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Korean program joins Chinese to celebrate Mid-Autumn Festival

BY EMILY BUSSE | OCTOBER 02, 2009 7:20 AM

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Chinese and Korean language students crammed into a small classroom in Phillips Hall on Thursday night under red hanging paper lanterns to watch live performances of kung fu, music, and poetry readings.

The festivities celebrated the traditional Mid-Autumn Festival, an East Asian holiday that is similar to Thanksgiving, said Chinese program coordinator and Associate Professor Helen Shen.

This was the first time in six years Korean language students also joined the party.

Students filled the seats, used up all available floor space, and spilled out into the hallway to attend the festival together, something several attendees appreciated.

“It’s a good opportunity because we don’t know too much about Korean culture,” said Lilly Chen, a UI senior studying Chinese. “It’s good that we’re all good friends with each other. There are no tensions.”

Because the Korean language program has roughly 45 students, compared with 180 in Chinese, the Korean celebration in past years had been minimal and held during class, Korean instructor Ho Jung Choi said, and he looked forward to the collaboration.

“Of course I am excited, and my students are excited,” Choi said. “[Korea and China] share a lot of things … and students can see, ‘Oh, in China we celebrate the same thing, but in different ways.’ ”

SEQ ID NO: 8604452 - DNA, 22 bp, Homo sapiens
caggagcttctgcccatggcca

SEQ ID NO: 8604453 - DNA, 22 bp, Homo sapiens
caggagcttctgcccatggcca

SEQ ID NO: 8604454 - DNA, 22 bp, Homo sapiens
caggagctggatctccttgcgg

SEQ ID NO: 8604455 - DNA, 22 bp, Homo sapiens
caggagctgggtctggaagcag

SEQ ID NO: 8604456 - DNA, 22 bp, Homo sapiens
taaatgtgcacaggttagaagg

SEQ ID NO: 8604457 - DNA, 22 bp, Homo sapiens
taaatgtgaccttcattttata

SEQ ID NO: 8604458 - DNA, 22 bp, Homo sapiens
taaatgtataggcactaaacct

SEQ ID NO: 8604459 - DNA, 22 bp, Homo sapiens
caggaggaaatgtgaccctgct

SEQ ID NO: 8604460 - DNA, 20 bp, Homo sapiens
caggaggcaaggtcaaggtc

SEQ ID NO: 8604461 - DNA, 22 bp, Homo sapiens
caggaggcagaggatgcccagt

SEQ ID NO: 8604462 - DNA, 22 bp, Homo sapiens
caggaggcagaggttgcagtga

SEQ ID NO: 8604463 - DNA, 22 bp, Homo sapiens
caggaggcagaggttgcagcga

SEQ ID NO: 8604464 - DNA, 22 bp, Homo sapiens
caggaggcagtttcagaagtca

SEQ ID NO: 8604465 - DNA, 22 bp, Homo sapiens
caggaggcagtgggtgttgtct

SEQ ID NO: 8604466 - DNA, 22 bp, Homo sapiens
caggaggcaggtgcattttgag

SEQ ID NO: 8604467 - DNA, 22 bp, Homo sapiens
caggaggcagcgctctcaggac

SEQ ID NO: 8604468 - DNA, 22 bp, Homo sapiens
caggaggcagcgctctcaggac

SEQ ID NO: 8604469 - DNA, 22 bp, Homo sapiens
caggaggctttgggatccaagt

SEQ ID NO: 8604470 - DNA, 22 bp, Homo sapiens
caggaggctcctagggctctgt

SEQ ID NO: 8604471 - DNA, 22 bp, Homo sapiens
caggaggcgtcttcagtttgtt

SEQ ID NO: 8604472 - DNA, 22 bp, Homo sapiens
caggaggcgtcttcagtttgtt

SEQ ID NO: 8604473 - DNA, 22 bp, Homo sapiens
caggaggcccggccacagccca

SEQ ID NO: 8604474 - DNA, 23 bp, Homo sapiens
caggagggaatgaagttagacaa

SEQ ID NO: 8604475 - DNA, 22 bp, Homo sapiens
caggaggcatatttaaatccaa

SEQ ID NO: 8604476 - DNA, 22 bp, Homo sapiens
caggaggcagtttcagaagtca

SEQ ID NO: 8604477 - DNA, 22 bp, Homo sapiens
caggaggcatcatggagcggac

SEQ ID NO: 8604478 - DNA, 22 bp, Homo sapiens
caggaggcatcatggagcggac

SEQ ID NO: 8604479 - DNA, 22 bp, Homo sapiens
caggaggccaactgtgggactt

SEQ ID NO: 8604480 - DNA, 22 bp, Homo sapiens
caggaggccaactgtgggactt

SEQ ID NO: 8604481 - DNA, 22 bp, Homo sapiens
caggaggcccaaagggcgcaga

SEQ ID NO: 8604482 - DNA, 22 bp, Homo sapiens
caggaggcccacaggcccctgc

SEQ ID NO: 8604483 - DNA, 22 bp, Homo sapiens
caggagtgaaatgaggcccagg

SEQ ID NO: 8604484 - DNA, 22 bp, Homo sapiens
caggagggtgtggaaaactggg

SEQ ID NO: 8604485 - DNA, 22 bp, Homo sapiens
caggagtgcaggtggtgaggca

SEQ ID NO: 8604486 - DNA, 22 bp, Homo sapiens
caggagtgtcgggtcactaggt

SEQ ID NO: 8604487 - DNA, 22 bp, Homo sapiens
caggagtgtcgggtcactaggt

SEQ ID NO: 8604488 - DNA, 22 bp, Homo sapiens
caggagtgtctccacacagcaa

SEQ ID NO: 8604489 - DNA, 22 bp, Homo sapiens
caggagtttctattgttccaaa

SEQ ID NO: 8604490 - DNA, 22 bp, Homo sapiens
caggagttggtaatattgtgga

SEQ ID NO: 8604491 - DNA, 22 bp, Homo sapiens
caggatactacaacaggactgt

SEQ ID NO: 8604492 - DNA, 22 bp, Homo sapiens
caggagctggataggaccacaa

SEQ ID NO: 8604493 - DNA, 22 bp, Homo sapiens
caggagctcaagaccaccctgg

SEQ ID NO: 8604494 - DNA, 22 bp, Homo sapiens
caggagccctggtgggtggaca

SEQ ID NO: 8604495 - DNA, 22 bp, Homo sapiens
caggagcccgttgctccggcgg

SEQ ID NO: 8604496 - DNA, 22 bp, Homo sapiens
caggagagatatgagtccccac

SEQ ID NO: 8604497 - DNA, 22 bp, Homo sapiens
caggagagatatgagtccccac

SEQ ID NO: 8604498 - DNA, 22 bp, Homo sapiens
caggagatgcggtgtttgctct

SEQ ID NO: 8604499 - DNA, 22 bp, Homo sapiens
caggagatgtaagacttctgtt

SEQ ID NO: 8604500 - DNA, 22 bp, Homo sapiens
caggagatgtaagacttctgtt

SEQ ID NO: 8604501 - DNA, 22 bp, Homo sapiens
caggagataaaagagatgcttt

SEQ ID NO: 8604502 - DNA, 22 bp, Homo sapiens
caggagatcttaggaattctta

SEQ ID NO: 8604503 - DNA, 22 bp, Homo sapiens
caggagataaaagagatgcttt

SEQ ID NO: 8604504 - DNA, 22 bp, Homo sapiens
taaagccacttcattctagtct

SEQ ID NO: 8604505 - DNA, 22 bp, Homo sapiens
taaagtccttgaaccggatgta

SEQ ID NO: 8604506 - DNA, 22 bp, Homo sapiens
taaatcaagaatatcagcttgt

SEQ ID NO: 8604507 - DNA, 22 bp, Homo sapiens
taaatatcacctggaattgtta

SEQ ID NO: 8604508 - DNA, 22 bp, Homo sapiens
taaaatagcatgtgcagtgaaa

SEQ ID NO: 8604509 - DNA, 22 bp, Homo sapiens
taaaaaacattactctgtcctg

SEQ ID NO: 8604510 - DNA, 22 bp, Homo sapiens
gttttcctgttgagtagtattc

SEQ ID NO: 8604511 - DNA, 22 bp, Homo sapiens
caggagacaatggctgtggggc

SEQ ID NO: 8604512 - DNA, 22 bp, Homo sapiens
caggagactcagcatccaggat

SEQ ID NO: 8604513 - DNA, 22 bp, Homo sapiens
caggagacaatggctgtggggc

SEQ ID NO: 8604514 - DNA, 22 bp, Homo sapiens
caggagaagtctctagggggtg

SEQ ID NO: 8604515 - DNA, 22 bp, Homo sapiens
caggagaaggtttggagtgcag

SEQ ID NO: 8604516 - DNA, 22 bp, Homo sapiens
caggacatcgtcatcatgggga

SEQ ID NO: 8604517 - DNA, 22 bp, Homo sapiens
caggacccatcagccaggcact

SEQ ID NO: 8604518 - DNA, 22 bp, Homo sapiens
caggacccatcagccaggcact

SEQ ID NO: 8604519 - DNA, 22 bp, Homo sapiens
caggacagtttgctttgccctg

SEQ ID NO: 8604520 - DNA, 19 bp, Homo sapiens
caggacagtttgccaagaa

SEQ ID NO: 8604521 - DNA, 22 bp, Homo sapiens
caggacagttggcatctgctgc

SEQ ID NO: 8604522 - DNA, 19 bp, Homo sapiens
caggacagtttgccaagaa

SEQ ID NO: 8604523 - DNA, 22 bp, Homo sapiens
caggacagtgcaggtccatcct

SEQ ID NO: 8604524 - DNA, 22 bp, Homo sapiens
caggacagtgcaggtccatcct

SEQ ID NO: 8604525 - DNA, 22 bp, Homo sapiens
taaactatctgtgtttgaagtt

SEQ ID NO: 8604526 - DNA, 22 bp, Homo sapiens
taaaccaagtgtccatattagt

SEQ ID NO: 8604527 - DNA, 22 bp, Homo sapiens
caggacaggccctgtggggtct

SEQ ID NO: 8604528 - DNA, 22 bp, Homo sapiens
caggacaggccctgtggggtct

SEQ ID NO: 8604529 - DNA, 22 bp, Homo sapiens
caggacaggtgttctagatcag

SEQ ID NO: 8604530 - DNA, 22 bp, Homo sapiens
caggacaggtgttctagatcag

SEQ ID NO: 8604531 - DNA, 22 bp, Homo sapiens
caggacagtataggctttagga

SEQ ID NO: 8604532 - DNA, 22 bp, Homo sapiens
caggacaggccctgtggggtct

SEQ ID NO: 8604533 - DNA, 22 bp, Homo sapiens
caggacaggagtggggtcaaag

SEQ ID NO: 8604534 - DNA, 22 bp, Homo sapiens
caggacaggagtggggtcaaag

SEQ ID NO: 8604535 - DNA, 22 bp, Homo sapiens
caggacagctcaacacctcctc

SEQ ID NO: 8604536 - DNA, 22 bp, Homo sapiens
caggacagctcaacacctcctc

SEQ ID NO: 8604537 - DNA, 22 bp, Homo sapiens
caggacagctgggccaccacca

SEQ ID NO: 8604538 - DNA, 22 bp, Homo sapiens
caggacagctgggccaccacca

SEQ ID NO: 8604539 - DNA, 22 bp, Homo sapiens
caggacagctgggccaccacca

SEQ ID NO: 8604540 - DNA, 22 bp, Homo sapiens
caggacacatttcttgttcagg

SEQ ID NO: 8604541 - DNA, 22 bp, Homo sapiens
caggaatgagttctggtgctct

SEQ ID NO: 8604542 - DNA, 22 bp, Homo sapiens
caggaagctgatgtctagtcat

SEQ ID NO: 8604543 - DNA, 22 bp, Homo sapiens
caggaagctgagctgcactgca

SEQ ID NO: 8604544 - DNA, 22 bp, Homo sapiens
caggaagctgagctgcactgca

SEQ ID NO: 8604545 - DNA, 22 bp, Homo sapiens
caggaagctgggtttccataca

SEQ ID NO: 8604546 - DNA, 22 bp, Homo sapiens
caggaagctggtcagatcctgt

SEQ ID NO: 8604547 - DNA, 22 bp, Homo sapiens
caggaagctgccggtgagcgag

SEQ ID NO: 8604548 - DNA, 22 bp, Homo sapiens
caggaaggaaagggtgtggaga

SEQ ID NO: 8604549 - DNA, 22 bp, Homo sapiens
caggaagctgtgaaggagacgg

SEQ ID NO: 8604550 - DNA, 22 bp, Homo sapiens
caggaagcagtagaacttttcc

Although this year’s festival required more planning because of the combination of cultures, Shen sees it is an opportunity for American students to branch out.

“It first motivates students to learn language but also motivates students to learn Chinese culture,” she said.

A presentation from students who studied abroad in Tianjin, China, added to the night’s educational benefits.

UI junior Hanna Wolle, a Chinese and economics major, attended the trip to Tianjin two summers ago and said the mixing of cultures goes beyond just Korean and Chinese.

“A couple of my good friends, one is white and one is Indian, came for a little bit, and it’s good to get awareness, not just for cultural diversity, but for Chinese and Koreans,” she said.

Choi and Shen said they want to see the festival grow even more in coming years, something for which Chen had an idea.

“It would be cool if the Japanese [program] could join us, too, to be friends with each other,” Chen said.

For now though, the meshing of the two countries is an opportunity to share their similar backgrounds.

“I think it’s really cool that the Korean department and the Chinese are coming together this year just because, [although] the Mid-Autumn Festival is a Chinese celebration, what [it] really represents is important to all East Asian cultures,” Wolle said.


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